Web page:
Chinatown (1974)

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Chinatown is a 1974 American neo-noir film, directed by Roman Polanski from a screenplay by Robert Towne and starring Jack Nicholson, Faye Dunaway, and John Huston. The film features many elements of the film noir genre, particularly a multi-layered story that is part mystery and part psychological drama. It was released by Paramount Pictures. The story, set in Los Angeles in 1937, was inspired by the historical disputes over land and water rights that had raged in southern California during the 1910s and 20s, in which William Mulholland acted on behalf of Los Angeles interests to secure water rights in the Owens Valley. The film was nominated for eleven Academy Awards, winning in the category of Best Original Screenplay for Robert Towne. In 1991, Chinatown was selected for preservation in the United States National Film Registry by the Library of Congress as being "culturally, historically, or aesthetically significant." A sequel, called The Two Jakes, was released in 1990, starring Jack Nicholson, who also directed it, with a screenplay by Robert Towne.

plot:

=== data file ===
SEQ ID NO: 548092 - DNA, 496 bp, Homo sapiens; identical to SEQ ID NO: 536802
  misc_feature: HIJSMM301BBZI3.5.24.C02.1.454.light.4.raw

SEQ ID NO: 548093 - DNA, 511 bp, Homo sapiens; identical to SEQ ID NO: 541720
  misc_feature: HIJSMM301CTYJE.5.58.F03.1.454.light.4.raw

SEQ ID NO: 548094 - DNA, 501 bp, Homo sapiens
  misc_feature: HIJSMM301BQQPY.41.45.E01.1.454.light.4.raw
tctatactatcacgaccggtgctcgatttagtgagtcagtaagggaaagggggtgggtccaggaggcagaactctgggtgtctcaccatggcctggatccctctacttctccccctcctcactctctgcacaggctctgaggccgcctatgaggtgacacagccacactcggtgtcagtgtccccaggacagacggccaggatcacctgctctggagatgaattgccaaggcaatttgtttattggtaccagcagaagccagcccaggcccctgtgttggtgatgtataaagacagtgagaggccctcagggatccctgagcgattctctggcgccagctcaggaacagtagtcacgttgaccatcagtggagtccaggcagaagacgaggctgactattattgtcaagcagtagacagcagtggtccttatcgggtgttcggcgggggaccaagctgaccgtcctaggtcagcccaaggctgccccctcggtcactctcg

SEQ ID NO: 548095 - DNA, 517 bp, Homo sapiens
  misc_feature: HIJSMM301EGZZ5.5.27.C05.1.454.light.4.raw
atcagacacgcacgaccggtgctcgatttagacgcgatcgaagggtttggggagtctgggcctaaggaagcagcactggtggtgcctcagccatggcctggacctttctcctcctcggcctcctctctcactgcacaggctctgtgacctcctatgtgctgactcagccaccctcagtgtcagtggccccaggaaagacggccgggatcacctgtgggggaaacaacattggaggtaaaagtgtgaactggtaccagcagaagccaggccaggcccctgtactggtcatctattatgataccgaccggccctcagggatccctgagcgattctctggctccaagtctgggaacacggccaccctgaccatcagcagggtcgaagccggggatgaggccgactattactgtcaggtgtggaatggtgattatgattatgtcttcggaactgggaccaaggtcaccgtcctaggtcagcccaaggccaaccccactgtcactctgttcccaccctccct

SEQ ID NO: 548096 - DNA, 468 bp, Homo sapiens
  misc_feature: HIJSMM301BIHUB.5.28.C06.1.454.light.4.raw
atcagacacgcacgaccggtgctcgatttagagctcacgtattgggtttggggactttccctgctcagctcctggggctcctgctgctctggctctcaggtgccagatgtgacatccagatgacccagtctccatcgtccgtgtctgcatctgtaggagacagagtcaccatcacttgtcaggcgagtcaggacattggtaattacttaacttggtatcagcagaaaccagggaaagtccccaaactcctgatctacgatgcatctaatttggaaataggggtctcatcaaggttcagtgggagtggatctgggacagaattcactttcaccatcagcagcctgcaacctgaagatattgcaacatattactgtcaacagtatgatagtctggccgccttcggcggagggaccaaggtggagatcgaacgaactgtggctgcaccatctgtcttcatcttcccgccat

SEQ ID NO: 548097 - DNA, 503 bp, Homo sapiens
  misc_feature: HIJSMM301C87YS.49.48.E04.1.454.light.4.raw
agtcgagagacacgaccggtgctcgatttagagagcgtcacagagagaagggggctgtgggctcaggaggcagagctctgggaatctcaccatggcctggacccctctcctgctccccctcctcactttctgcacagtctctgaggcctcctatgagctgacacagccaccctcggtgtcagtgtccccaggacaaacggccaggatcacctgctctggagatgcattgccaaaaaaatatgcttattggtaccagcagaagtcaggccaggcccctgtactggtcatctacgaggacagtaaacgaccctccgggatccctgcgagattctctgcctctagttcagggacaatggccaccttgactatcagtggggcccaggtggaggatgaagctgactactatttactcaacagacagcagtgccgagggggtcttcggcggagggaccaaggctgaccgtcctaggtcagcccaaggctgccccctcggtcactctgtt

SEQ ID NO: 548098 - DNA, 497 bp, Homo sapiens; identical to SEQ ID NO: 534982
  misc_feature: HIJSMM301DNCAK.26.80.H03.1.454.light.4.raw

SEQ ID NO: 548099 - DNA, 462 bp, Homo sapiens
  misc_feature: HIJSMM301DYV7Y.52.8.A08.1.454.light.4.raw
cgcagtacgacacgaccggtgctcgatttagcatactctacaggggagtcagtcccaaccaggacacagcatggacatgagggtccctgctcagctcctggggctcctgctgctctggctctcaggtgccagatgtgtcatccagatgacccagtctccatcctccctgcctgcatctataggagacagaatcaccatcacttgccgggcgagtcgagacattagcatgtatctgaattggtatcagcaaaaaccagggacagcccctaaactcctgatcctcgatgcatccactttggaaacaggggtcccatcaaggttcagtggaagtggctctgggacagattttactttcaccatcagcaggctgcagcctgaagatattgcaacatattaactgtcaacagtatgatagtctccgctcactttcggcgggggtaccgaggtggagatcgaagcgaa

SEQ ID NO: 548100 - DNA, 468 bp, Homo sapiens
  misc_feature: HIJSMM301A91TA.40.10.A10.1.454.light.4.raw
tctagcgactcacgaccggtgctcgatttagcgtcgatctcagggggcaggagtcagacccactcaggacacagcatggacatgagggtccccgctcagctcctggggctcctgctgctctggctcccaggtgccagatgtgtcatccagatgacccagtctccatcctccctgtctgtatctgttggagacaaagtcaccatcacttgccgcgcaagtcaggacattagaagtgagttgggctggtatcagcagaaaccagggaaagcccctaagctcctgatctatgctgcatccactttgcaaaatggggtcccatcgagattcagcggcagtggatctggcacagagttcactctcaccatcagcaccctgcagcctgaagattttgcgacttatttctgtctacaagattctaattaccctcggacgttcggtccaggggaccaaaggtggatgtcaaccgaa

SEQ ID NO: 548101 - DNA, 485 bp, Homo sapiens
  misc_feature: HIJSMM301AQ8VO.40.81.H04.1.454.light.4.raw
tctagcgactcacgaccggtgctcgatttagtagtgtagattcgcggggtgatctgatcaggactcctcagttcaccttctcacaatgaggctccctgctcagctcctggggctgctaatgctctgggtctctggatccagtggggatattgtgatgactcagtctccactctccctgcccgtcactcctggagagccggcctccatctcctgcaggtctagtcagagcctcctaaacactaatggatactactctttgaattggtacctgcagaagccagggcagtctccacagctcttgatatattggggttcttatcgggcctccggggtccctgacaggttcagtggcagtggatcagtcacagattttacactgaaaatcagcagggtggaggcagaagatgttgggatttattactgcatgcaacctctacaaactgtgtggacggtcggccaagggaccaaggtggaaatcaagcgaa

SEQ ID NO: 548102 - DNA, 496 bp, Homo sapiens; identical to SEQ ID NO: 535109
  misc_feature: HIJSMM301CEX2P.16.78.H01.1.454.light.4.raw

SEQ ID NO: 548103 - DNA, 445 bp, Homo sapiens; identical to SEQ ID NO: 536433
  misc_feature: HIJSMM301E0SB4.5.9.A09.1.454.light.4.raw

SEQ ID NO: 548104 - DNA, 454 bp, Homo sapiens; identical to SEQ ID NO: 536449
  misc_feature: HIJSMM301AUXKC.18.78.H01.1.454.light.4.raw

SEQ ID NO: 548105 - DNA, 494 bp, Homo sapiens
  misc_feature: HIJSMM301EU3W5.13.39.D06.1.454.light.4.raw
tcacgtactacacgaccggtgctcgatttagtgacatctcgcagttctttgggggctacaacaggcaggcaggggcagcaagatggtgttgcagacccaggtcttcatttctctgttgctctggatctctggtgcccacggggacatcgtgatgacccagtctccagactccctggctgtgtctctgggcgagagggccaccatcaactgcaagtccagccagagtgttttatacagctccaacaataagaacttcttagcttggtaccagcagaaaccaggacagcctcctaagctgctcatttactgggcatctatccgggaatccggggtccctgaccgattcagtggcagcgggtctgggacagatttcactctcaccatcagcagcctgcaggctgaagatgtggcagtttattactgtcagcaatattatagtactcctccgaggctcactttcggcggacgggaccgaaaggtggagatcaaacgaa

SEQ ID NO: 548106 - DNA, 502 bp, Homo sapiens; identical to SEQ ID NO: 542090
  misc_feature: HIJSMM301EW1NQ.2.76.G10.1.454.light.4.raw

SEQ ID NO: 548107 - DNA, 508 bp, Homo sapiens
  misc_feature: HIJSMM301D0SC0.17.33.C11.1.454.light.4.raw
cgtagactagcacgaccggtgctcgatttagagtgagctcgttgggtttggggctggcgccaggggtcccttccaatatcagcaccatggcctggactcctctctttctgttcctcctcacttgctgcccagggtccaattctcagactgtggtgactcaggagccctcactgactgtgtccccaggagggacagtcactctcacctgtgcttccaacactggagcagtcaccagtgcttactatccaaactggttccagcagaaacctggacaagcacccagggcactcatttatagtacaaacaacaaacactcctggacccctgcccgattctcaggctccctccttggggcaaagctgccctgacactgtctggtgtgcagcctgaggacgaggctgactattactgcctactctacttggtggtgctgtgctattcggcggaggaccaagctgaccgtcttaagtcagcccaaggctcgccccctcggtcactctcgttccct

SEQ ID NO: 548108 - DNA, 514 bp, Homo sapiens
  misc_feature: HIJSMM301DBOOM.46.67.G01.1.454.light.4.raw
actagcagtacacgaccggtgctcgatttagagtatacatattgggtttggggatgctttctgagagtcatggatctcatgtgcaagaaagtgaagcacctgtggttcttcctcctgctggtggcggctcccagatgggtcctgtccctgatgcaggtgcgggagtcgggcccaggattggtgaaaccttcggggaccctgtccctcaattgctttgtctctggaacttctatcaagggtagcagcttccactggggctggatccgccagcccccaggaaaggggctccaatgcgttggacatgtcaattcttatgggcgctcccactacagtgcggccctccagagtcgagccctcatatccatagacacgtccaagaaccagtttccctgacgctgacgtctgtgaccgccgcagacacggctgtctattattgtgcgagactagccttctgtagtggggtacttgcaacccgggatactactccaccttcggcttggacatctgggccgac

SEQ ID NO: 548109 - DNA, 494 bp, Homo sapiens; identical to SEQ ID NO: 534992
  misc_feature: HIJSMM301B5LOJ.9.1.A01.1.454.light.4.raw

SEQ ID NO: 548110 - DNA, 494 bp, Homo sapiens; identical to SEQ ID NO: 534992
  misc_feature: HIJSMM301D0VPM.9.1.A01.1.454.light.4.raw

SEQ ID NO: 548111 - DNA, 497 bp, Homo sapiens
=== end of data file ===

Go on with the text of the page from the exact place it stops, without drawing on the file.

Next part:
A woman hires private investigator J.J. "Jake" Gittes (Jack Nicholson) to perform surveillance on Hollis Mulwray, the chief engineer for the Los Angeles Department of Water and Power. The woman (Diane Ladd) claims to be Mulwray's wife Evelyn, who suspects him of adultery. Gittes tails Mulwray. In a public meeting about a proposed bond issue for new dam construction, Mr. Mulwray argues that the proposed dam will be physically unsound and opposes the bond issue, which eventually passes. Following Mulwray to several Water and Power-related sites, they discover the dumping of fresh water into the ocean in spite of the late summer drought. Gittes's associate photographs Mulwray arguing with an elderly man outside the Pig 'n Whistle eatery in Hollywood, and only overhears the words "apple core" over traffic noise (a corruption of the word "albacore"). Gittes's tail finally hits paydirt when he photographs Mulwray with his young mistress. When the photos hit the front page of the paper the next day, Gittes is confronted by the real Evelyn Mulwray (Faye Dunaway), who serves him with a lawsuit. Gittes realizes he had been duped by a phony Mrs. Mulwray, and to repair his reputation, he must figure out who was behind the hiring, and why. Gittes convinces Evelyn Mulwray that he was only unwittingly involved in her personal business and she agrees to dismiss her lawsuit. She nervously reveals that her maiden name was "Cross" and that Mulwray used to be her father's business partner. Visiting the Department of Water and Power, Gittes recognizes photographs of the same elderly man Mulwray was photographed quarreling with, and learns his name: Noah Cross (John Huston). Mulwray and Cross once privately owned the water department. Gittes looks for Mulwray at the Oak Pass reservoir but finds police detectives there instead, including Lt. Lou Escobar (Perry Lopez), with whom Gittes used to work as an officer in Chinatown. Escobar and his men are investigating Mulwray's death by drowning and are recovering the body. At headquarters, Evelyn falsely tells Escobar that she did hire Gittes at the outset to put an end to rumors about Mulwray's adultery, expecting nothing to come of it. Gittes tells Evelyn that he suspects that Mulwray was murdered. Evelyn hires Gittes to investigate Mulwray's death. Breaking into the reservoir's secured area that night, Gittes nearly drowns in water suddenly being dumped. Soaking wet, he is confronted by water department security chief Claude Mulvihill (a corrupt former county sheriff) with a short henchman (a cameo by director Roman Polanski) who sticks a knife blade up Gittes's nose and slashes through his nostril for being a "very nosy kitty cat." Back at his office, sporting a bandage, Gittes receives a call from Ida Sessions, identifying herself as the "working girl" who pretended to "hire" him as Mrs. Mulwray. She did not realize the seriousness of what she was involved in, she explains, but she is too afraid to identify her employer. Miss Sessions does provide a clue, though: that Gittes can find the name of one of "those people" in that day's obituary column. Gittes joins Noah Cross, a member of the Albacore Club, at his estate for lunch. Cross also offers to hire Gittes to find Katherine, Mulwray's young mistress, who has been missing since Mulwray died. Cross refuses to discuss his argument with Mulwray outside the Pig 'n Whistle in any detail, and deflects Gittes's questions by explaining that the mistress might know how Mulwray was killed. "Just find the girl," he admonishes. Gittes visits the hall of records, comparing recent land grantees with names of deceased persons in the obituary column. Then he drives to an orange grove in the northwest San Fernando Valley, and is shot at, caught, and beaten by the angry landowners. They explain that the water department has been demolishing their water tanks and poisoning wells, before they knock him out. When Gittes wakes up, Evelyn is there to pick him up. They leave and Gittes reviews the obituary column, noticing that a resident of the Mar Vista Inn, a retirement home, died two weeks ago, but "bought" acreage in the Valley only one week ago. "That's unusual," Gittes quips. Growers have been forced off their acreage by drought conditions and harassment by the water department, Gittes explains, depressing value. Unidentified persons are buying tens of thousands of acres "for peanuts" using the names of straw buyers. The public dam bond issue that Mulwray unsuccessfully opposed, Gittes explains, is a "con job" designed to irrigate the rural valley, not to conserve water for city taxpayers. Because he knew about this and other things, Gittes theorizes, Hollis Mulwray was murdered. Evelyn and Jake arrive at the Mar Vista Inn and confirm that its residents have no clue of their wealth; further, the Mar Vista Inn is affiliated with the Albacore Club as "sort of an unofficial charity." Mulvihill soon arrives to "escort" Jake out and they scuffle. With Mulvihill's henchman firing at them, Gittes and Evelyn escape the Mar Vista in her car. Returning to her house, they passionately kiss and wind up in her bed. In intimate conversation, Jake tells Evelyn about his time as a beat cop in L.A.'s Chinatown, where he was instructed to do "as little as possible." Nothing was ever as it seemed, he explains. Gittes's attempt to protect a woman only ensured that she was hurt. Evelyn's phone rings and she quickly hangs up and says that she has to leave. Evelyn asks Jake to wait for her there and to trust her. She adds that Noah Cross owns the Albacore Club. Gittes tails Evelyn to her butler's house; peering through a bedroom window he sees Evelyn comforting Katherine, Mulwray's distraught mistress. Evelyn, when Gittes presses, admits that Mulwray's mistress is her sister. Then Ida Sessions is found murdered in her house. Gittes receives a mysterious call from a homicide detective using Ms. Sessions's phone and arrives there. Escobar explains that the coroner found salt water in Mulwray's lungs, indicating that the body was moved, as it was recovered from a freshwater reservoir. Gittes returns to Evelyn's mansion, where he discovers a pair of men's eyeglasses in her salt water garden pond. Presuming that Evelyn killed Mulwray and that the glasses had been his, Gittes confronts Evelyn. She denies guilt and, under questioning, wavers about whether Katherine is her sister, or her daughter. In a climactic scene, Gittes repeatedly slaps Evelyn on one side of the face, and then the other, until Evelyn cries out "She's my sister and my daughter!" whom she bore to Noah Cross when she was 15. Evelyn says that the found eyeglasses could not have been Mulwray's because they are bifocals. Gittes decides to help Evelyn and Katherine escape from Cross and Escobar, who now suspects Evelyn of Mulwray's murder, and accuses Gittes of extortion and of acting as an accessory. Gittes arranges for the two women to flee to Mexico, through a fisherman client of his, and instructs Evelyn to meet him at her butler's home in Chinatown. Evelyn leaves, and Lt. Escobar arrives. Escobar brings Jake along for his arrest of Evelyn. Jake gives the San Pedro address of the fisherman, which Jake pretends belongs to Evelyn's maid. Jake enters the house alone, slips out the back door, and asks his client to take Evelyn and Katherine to Mexico by boat. At Mulwray's home, Gittes arranges for Mr. Cross to meet him, claiming that he's found Mulwray's mistress. After Gittes confronts him, Cross admits he intends to incorporate the Northwest Valley into the City of Los Angeles, which will be irrigated and developed. Gittes then broaches the topic of Cross's incest with Evelyn, and accuses him of Mulwray's drowning. Cross says most people never have to acknowledge that, given the right circumstances, they are "capable of anything." Gittes produces Cross's bifocals, the only physical evidence linking him to Mulwray's murder. Mulvihill appears, holding a gun on Gittes, forcing him to surrender Cross's glasses and to take them to Katherine. When Gittes reaches the hiding place in Chinatown, the police are already there and arrest Gittes for withholding evidence and extortion. Gittes protests that Cross murdered Mulwray, but Escobar orders one of his men to handcuff Gittes to a car. Noah Cross approaches Katherine, explaining that he is her "grandfather." Evelyn backs him off with a small pistol, vowing to protect her daughter. Gittes scolds Evelyn to "Let the police handle this!" Evelyn fires back: "He owns the police!" Cross approaches Katherine again and Evelyn shoots him in the arm. As Evelyn speeds away with Katherine, the police open fire, killing Evelyn; her body falls onto the car horn, followed by Katherine's blood-curdling scream. Cross clutches Katherine and takes her away. After being uncuffed, Gittes mutters to Escobar, "...as little as possible," reminding Escobar of their frustrating years policing corrupt Chinatown. Escobar angrily releases Gittes, confiding that he is doing Gittes "a favor," and ordering Gittes's associates to "Get him out of here!" Gittes is urged, "Forget it, Jake. It's Chinatown."